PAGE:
Should Mediocre Recruiting Be Rewarded in Coach of the Year Race?
There are times when I wonder if some of the people who get paid to write about sports have any idea whatsoever what they are talking about (I generally assume that I don’t, in case you were wondering). Usually that time is limited to Baseball Hall of Fame announcement time (FREE DAVEY CONCEPCION!!!!!), but occasionally it slips into other sports. Now is one such time.
Driving to work this morning, I got to catch a few minutes of The Leach Report, which airs in Lexington on NewsRadio 630 WLAP – the same station that carries my Sunday Morning Sports Talk show – and I heard one of the dumbest things I could possibly imagine (Not from Tom, of course, he’s the best. He was just the messenger). The topic had turned to Coach of the Year qualifications. That’s been a hot topic around here since Jeff Goodman of CBSsports.com tweeted his Top 8 for potential Coach of the Year honors, a list which did not include John Calipari.
Goodman mentioned later in a tweet to Leach that he voted for Coach of the Year based on guys who did more with less – teams that overachieved.
That criterion led me to this question: who’s responsible for the rosters they’re playing with? Yeah, Mike Brey has overachieved and has some pretty impressive wins with a somewhat limited roster, but why is his roster limited? This isn’t the NBA where a general manager (or Isaiah Thomas) hands you a team and you have to figure out how to win with them. In college, obviously, a coach’s talent level is a direct reflection of his recruiting ability. Essentially, Goodman seeks to reward guys who can’t or didn’t recruit well yet somehow manage to win games, while punishing coaches who do that part of their job at a high level. And it’s stupid.
Until such a time as college coaches no longer recruit their players (Dec. 21, 2012, according to the Mayans), Coach of the Year voting should include all aspects of a coach’s job, and that includes recruiting the best players. To use some nostalgic Hoosiers-inspired criteria should cost you your vote.
As I mentioned in my last post, I am not the world’s biggest Cal fan sometimes (except, again, for the wins of course), but to eliminate him from Coach of the Year consideration shows an absurd lack of understanding of what the job is. Does Cal have the best talent at Kentucky? Heck yeah he does. So if you are ranking this year’s coaches, you rank him 1 for recruiting and then move to the next criteria. The only thing Cal does maybe as well as recruiting is managing his team. Say what you will about the “one and done” rule, but Cal is a master of bringing in the best players available and getting them to play within a team concept (in some cases for the first times in their basketball lives). That’s no small feat. He should get a pretty high ranking there. I’ll leave the Xs and Os to somebody else; I’m no expert, but my guess is that Cal’s Xs and Os are good enough that he should stay in the conversation.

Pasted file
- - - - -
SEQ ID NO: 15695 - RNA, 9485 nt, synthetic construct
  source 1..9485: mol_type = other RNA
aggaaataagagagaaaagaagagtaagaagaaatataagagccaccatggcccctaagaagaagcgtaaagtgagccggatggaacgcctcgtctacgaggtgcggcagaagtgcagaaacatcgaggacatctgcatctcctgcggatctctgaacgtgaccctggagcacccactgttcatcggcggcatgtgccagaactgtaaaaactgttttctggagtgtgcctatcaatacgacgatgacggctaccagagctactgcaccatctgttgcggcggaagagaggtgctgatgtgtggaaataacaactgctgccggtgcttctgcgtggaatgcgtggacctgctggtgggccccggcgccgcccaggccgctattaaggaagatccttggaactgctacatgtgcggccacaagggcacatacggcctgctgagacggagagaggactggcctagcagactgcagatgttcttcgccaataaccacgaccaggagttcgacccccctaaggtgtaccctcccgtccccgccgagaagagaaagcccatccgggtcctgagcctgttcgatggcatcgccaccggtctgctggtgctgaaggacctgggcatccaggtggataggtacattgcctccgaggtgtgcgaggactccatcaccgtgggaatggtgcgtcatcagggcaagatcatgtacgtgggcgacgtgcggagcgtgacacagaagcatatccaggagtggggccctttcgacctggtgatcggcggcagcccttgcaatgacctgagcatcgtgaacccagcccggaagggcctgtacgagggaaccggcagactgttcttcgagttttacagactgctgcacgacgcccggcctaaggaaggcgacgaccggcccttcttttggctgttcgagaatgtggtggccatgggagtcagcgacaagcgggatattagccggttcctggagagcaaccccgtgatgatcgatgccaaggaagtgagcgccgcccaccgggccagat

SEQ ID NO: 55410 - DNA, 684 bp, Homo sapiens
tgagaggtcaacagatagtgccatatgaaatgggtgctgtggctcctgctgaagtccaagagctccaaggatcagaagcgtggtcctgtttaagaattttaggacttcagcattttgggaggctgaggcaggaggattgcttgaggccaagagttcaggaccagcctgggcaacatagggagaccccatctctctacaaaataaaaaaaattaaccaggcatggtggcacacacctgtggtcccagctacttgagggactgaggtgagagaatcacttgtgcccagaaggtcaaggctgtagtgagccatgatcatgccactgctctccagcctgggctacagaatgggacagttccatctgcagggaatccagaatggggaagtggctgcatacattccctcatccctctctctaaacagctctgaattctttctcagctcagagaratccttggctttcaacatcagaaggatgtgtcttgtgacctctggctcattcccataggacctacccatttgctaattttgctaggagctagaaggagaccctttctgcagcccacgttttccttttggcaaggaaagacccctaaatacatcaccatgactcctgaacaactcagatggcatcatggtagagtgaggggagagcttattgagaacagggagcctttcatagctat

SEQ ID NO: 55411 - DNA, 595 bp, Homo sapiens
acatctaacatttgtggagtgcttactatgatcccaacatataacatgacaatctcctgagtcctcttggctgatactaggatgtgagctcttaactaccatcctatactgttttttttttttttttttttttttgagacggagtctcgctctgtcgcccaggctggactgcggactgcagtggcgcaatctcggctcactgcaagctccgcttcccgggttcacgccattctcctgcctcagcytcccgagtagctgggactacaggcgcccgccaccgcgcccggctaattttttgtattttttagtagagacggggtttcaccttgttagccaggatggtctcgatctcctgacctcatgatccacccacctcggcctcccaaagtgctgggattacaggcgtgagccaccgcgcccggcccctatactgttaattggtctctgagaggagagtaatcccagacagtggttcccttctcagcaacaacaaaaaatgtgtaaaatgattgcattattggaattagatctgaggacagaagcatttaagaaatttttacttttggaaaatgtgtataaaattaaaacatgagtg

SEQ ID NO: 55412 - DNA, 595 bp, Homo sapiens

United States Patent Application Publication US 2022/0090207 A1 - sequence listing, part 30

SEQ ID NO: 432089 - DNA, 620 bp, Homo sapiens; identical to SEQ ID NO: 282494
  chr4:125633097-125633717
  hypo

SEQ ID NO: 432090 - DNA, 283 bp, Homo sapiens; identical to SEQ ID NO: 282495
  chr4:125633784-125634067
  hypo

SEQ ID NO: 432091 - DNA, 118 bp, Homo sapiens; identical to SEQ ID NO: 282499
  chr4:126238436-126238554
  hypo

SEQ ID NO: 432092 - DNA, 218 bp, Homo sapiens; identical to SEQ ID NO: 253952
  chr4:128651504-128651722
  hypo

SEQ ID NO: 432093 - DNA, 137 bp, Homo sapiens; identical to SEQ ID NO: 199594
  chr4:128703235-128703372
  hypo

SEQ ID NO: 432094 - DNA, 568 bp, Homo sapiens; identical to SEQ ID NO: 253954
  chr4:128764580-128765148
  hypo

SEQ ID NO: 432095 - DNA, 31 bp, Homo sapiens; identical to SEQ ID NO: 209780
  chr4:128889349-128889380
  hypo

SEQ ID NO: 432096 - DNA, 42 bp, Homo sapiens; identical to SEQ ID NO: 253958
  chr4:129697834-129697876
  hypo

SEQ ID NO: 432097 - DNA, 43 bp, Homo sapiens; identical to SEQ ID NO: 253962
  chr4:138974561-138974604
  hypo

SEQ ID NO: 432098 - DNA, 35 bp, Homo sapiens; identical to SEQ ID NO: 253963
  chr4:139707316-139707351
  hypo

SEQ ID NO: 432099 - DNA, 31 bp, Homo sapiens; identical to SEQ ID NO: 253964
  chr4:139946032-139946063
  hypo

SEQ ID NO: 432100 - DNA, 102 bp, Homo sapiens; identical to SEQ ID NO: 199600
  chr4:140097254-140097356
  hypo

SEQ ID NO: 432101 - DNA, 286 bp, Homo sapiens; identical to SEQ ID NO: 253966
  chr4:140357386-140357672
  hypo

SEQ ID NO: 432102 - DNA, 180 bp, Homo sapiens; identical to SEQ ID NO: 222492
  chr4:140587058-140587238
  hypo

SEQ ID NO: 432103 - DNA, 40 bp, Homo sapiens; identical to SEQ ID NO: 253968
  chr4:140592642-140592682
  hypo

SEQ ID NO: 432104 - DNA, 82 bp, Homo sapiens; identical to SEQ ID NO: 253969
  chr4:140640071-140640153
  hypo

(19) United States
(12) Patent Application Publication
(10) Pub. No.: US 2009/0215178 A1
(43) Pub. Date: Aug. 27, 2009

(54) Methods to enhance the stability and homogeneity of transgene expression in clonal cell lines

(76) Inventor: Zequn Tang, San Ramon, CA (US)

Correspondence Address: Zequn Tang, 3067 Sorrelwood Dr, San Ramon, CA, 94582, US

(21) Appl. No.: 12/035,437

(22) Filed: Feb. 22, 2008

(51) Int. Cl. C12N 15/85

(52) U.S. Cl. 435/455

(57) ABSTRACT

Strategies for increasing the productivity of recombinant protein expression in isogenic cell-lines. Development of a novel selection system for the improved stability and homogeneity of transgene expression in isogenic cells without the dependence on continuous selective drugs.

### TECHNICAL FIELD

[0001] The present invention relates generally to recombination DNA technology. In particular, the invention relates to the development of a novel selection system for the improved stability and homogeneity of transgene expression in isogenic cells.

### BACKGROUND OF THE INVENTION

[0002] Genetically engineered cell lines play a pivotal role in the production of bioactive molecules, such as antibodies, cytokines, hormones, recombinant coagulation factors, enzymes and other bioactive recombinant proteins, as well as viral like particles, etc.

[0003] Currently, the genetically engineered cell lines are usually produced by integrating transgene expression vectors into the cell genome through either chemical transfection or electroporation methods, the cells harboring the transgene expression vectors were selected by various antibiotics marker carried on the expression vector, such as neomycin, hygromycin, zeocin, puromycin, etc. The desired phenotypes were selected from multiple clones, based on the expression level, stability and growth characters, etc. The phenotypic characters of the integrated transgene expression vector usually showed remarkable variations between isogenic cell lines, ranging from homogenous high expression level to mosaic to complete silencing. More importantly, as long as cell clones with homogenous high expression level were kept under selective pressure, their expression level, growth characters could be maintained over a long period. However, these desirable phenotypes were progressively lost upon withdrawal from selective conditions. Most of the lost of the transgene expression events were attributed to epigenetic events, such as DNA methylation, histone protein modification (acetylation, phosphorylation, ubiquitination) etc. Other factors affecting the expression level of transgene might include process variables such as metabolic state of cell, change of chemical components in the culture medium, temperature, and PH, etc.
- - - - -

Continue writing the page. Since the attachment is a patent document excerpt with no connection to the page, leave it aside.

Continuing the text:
I have another problem with Goodman’s list and his methodology. The Goodman list includes Missouri’s Frank Haith, Kansas’ Bill Self and Michigan State’s Tom Izzo. The idea that these guys are “winning with less” is absurd.
Haith is winning with a senior-laden roster that was primed to be good this year. Their lowered pre-season ranking was as much a question of how the Tigers would respond to a coaching change as it was about talent.
Self lost three players early to the NBA (if you can count Josh Selby as a loss) and two senior starters. So what? He returned a junior player of the year candidate, a three-year starter and two more regulars from a team that won 35 games a year ago. Kentucky lost two players early to the NBA, including the leading scorer and one other starter and replaced them with freshmen. Are UK’s freshmen better than KU’s? Yep. But again, that’s part of the job. Finally, Kansas was ranked 13th in both major preseason polls and are 4th (AP) and 5th (ESP/USA Today) in a year where you could probably shake up 5-15 in a hat and pull them out in any order you wanted. To say they’ve overachieved is a little generous.
Michigan State is the one team of those three who you can truly say has a ranking that looks better than its roster, but it doesn’t look better than the Spartans’ schedule. They played two of the three best teams they will face all year in the first two games of the season in North Carolina and Duke – both losses. They then ran off 13 straight wins against a truly dreadful schedule, plus a youngish Indiana team playing its first tough road game (as Kentucky was at Indiana). The Spartans have two wins that nobody would question – at Wisconsin and at Ohio State. Other than that they look pretty average. They have gone from unranked to No. 7 or 8 depending on what poll you look and they feel WAY overrated at that ranking.
I don’t know who the Coach of the Year is. Given a vote, I think I’d probably be inclined to give it to Jim Boeheim (also not on Goodman’s Top 8). He has a great roster that does a lot of things well — they’ve only lost once; they may well be the best team in the country and they have done all of this in a season that started off with scandal and turmoil.
If I had to pick a slate of coaches, Cal would be No. 2, and until recruiting isn’t a part of college coaching he should always be near the top of the list.